1824421_1618170446.l-removebg-preview.png.861054448a50de5544268b7c9f909a95.png

69_2.jpg.c75e77c1842daf833ec86ea51180ee32.jpg

 

 

All beautiful coin my friend. You may recognize this coin from earlier this year??? You acted as my lead negotiator with the dealer. 😀 I was excited to add this one.

19 hours ago, Agricantus said:

@kapphnwn Amazing strike and details!

Here's a heavier standard, 7.8g. Murex, trident and hippocamp; no buyer's remorse on this one.

897582E3-C113-4C0A-9717-9D1D9D953FCC.jpeg.220fc90d676344ee5547197efdbf6139.jpeg

Beautiful!

11 hours ago, Roman Collector said:

Beautiful coins in this thread! Certainly more attractive than any I have to offer! This one is the only dolphin rider I have in my entire numophylacium. It may not look like much but it may well be the only known example of the type. It is now the "plate coin" at RPC:

[IMG]
Faustina II, AD 147-175.
Roman provincial Æ 5.84 g, 22.0 mm, 7 h.
Bithynia-Pontus, Apamea.
Obv: FAUST[INAC AUG], draped bust of Faustina II, right.
Rev: UЄNU[S ... C]ICA dd, Venus seated right, head left, on dolphin swimming left, resting right arm on dolphin, uncertain object in left hand.
Refs: RPC IV.1, 11815 (temporary); Waddington RG --; BMC --; Sear --; Mionnet Suppl 5 --; Lindgren --; Wiczay --.
Notes: Previously unpublished. Obverse die match to Waddington RG, pl. XXXIX.1, which has a Neptune reverse type.

Fabulous Faustina RC. Congrats on scoring such a rarity (can’t get any rarer than unique!).

10 hours ago, Prieure de Sion said:

Calabria, Tarentum, 280 - 272 BC
AR Nomos, Diameter 21.5mm, Weight 6.46gramm
Reference: HN Italy 1014; SNG ANS 1142; Vlasto 803

Obv: Youth on horseback to right, crowning himself; ΞΩ to left, ΞΑΛΟ and Ionic capital below
Rev: Taras astride dolphin to left, holding aphlaston and distaff; TAPAΣ below, ANΘ to right

 

 

neue griechische münze.png

That is an absolutely wonderful coin Prieure! Both the obverse and reverse are beautiful and very well centered.

 

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5 hours ago, Severus Alexander said:

Calling @zumbly... I know he has some very sweet dolphin riders!

Thanks, Sev. I'd somehow missed this thread completely! 

That's a nice one, Curtis... I especially like it when you can see the dolphin-rider's facial features. In Vlasto, it's noted that the issue yours belongs to sports a rider "of plump Dionysiac type." Goes with the grapes, I guess! 😁

It's been a few years since I've been able to add to my dolphin-rider pod, but here are mine:

 

666368889_Tarentum-Nomos1stNew2017.jpg.ac73412a186948b36a85a016a7f27dcf.jpg

1622798743_Tarentum-Nomos-Prow.jpg.84d925645a7f27c4bbb4a1285221ae4f.jpg

179143105_Tarentum-NomosVlasto2073new.jpg.ac51174ee9b493eed6f07bb6e77a2b02.jpg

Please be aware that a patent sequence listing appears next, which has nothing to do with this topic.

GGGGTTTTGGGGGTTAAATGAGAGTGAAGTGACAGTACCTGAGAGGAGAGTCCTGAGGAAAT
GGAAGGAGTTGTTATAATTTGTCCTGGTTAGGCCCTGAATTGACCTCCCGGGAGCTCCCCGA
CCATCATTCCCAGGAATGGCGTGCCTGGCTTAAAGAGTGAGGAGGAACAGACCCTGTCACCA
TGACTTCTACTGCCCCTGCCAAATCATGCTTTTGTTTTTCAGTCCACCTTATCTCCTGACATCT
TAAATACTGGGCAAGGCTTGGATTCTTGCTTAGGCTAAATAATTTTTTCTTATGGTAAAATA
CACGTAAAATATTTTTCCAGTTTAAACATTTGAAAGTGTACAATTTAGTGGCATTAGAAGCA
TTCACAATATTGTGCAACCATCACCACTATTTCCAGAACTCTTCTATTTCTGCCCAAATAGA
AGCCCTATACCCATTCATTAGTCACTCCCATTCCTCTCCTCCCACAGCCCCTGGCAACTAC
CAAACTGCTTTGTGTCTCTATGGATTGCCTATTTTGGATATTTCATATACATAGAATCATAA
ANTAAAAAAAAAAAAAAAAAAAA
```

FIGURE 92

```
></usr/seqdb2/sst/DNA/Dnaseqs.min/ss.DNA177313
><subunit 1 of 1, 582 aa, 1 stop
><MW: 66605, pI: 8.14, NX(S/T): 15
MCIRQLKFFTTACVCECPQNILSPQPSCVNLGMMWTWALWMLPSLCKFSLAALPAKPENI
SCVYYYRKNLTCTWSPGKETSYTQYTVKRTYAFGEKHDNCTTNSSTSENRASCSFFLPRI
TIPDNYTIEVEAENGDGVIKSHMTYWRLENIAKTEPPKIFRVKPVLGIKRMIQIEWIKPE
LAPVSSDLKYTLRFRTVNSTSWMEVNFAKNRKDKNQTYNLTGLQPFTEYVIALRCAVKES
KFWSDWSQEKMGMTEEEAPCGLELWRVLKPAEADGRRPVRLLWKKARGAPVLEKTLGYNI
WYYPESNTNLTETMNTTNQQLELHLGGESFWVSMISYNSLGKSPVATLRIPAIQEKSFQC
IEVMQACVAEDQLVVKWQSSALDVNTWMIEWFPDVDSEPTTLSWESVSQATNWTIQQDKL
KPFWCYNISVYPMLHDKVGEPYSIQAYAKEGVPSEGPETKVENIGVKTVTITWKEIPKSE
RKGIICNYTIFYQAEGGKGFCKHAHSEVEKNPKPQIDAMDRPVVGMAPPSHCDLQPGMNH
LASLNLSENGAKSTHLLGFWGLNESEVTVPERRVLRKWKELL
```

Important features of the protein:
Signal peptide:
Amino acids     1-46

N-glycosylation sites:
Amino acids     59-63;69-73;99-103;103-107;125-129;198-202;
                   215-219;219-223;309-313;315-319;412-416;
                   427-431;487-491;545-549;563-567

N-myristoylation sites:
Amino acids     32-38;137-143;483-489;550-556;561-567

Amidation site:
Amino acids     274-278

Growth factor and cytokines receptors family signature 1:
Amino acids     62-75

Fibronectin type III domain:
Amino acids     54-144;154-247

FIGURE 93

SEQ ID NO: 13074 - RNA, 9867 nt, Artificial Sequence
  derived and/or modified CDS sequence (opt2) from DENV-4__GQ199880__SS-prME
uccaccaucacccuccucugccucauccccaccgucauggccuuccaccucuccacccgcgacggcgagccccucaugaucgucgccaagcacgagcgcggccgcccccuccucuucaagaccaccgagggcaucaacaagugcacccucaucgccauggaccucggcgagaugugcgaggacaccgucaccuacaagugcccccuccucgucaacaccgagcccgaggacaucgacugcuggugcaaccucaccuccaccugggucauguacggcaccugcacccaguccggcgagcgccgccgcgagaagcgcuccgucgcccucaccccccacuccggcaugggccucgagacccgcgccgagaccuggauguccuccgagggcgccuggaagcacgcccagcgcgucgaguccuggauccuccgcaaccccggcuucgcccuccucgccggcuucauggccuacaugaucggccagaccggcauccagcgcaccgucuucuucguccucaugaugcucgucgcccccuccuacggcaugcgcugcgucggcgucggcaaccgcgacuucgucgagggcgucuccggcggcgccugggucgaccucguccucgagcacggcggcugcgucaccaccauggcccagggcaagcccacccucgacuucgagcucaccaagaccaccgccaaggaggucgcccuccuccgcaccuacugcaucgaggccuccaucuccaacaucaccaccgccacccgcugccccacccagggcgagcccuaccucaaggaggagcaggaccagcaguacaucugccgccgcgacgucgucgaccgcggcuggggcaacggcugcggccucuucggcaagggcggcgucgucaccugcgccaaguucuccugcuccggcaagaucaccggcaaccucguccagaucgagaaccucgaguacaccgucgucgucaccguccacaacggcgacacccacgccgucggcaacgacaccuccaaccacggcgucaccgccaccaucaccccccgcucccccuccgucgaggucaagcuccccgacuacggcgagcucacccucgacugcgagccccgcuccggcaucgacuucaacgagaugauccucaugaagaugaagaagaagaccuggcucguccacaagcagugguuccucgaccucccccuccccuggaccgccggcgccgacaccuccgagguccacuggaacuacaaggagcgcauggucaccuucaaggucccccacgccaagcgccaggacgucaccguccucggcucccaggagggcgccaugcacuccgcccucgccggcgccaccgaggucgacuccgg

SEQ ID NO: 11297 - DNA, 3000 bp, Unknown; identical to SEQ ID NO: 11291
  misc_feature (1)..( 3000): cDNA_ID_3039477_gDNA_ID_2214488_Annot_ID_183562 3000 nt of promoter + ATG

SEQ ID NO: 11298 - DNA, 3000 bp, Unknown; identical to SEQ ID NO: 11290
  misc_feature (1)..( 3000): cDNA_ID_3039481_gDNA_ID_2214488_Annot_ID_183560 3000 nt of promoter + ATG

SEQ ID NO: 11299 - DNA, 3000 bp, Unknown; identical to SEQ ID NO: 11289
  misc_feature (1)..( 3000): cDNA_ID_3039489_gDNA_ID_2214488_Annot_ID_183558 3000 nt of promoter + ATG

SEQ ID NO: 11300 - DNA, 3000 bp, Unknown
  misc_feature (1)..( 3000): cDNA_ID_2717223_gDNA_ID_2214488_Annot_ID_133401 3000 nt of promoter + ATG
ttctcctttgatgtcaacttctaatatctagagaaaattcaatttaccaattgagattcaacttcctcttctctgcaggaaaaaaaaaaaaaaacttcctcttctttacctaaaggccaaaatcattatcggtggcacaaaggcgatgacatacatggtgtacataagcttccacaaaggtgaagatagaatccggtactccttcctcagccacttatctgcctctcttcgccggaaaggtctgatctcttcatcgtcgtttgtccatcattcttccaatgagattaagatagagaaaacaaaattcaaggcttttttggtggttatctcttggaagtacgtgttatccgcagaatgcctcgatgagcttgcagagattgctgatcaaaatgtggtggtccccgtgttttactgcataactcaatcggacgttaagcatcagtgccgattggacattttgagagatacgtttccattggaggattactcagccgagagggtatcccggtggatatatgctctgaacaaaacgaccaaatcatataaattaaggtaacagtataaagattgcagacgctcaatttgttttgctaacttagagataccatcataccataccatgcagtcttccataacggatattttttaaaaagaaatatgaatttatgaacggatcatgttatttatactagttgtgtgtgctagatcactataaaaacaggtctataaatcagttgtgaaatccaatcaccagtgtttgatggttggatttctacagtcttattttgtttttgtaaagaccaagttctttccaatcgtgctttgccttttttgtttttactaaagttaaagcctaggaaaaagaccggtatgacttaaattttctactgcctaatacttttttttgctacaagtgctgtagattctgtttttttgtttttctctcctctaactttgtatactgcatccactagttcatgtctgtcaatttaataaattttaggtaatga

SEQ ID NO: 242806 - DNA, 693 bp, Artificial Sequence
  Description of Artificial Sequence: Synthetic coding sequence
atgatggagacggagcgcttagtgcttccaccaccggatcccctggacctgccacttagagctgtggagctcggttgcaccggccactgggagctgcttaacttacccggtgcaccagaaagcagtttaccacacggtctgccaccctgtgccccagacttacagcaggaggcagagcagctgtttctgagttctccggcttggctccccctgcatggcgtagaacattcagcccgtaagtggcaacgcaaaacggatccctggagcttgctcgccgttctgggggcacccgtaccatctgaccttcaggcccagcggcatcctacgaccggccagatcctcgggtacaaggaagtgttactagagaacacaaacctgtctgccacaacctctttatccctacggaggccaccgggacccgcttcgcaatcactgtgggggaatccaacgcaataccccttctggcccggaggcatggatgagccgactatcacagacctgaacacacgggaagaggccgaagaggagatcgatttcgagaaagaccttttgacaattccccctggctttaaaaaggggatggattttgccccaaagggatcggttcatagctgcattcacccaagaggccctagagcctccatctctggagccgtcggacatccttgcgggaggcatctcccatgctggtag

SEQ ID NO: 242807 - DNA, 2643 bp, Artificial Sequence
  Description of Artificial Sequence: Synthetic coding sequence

1764565510_Tarentum-NomosSmallDolphinnew1898.jpg.93c39ad1893d5735232695af93e3e496.jpg

361172239_Tarentum-NomosDieClash.jpg.ae01619a06ac18b4bc1fd6acd6d1a27c.jpg

Edited by zumbly
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Posted (edited)
13 hours ago, Sulla80 said:

Advertising local agricultural products makes sense to me - thanks for the explanation.  On my coin, my guess is that the nymph and kantharos (for wine) are both linked with Dionysos and stretching to see an overall message: something like "Tarentum, protected by the Gods and a great city".  However, Tarentum was recently (~272 BC) brought under Roman control and then with the 1st Punic war (264-241 BC) raging, it might not have been a great place to hang out.  The Romans weren't too happy about the whole alliance with Pyrrhus (circa 280-270  BC) - a strong show of military strength probably important during the years your coin was issued.  By the time my coin was issued Tarentum was under Roman rule, so technically it is a Roman republican coin.  Tarentum still wasn't thrilled with Roman rule when Hannibal came looking for a port in the 2nd Punic war.

Excellent point. This coin design maintained its recognizable form through a great deal political upheaval. Considering the history you highlight it is fascinating that there was as much consistency in the coinage as there was.

13 hours ago, Steve said:

... ahaha ... that poor dolphin always looked so pissed-off to me, eh?

 

=> "Hey, get your wang off of my dorsal-fin, dude!!"

😆😆🤣🤣😂😂 

...we freakin’ missed you Steve!

10 hours ago, Fortuna Redux said:

My dolphin rider…bouncing on the waves! (or flying?)

47FEE0DD-D76A-4ED2-9D5C-007C310CB1DE.jpeg.f2f900bac2722f2c735ae3c156d98758.jpegED2286C5-4D56-4BAF-B312-D9F5C6DEE3BC.jpeg.f0310ba53a5594e079fa14755781ed92.jpeg

Calabria, Tarentum AR Nomos. Circa 344-340 BC. 7.70g, 21mm, 10h
 

Obverse: Warrior, holding shield and spear, on galloping horse to left; Δ below

Reverse: Phalanthos, nude, holding kantharos and riding dolphin to left; TAPAΣ downwards to right, small dolphin and E above waves below.

Reference: Vlasto 387; SNG ANS 904; HN Italy 870.

Nice one Fortuna. The types with the waves shown are really cool.

7 hours ago, Severus Alexander said:

Calling @zumbly... I know he has some very sweet dolphin riders!

@Steve: besides the Eion geese you posted elsewhere, that nomos is another of my ex-x6 faves.  What a coin. 🤩

Thanks SA. We can add @Theodosiusto the role call. I believe he may now own the afore mentioned Mr. Angry Dolphin. :classic_rolleyes:

6 hours ago, DonnaML said:

Great thread! My two dolphin-riders from Tarentum: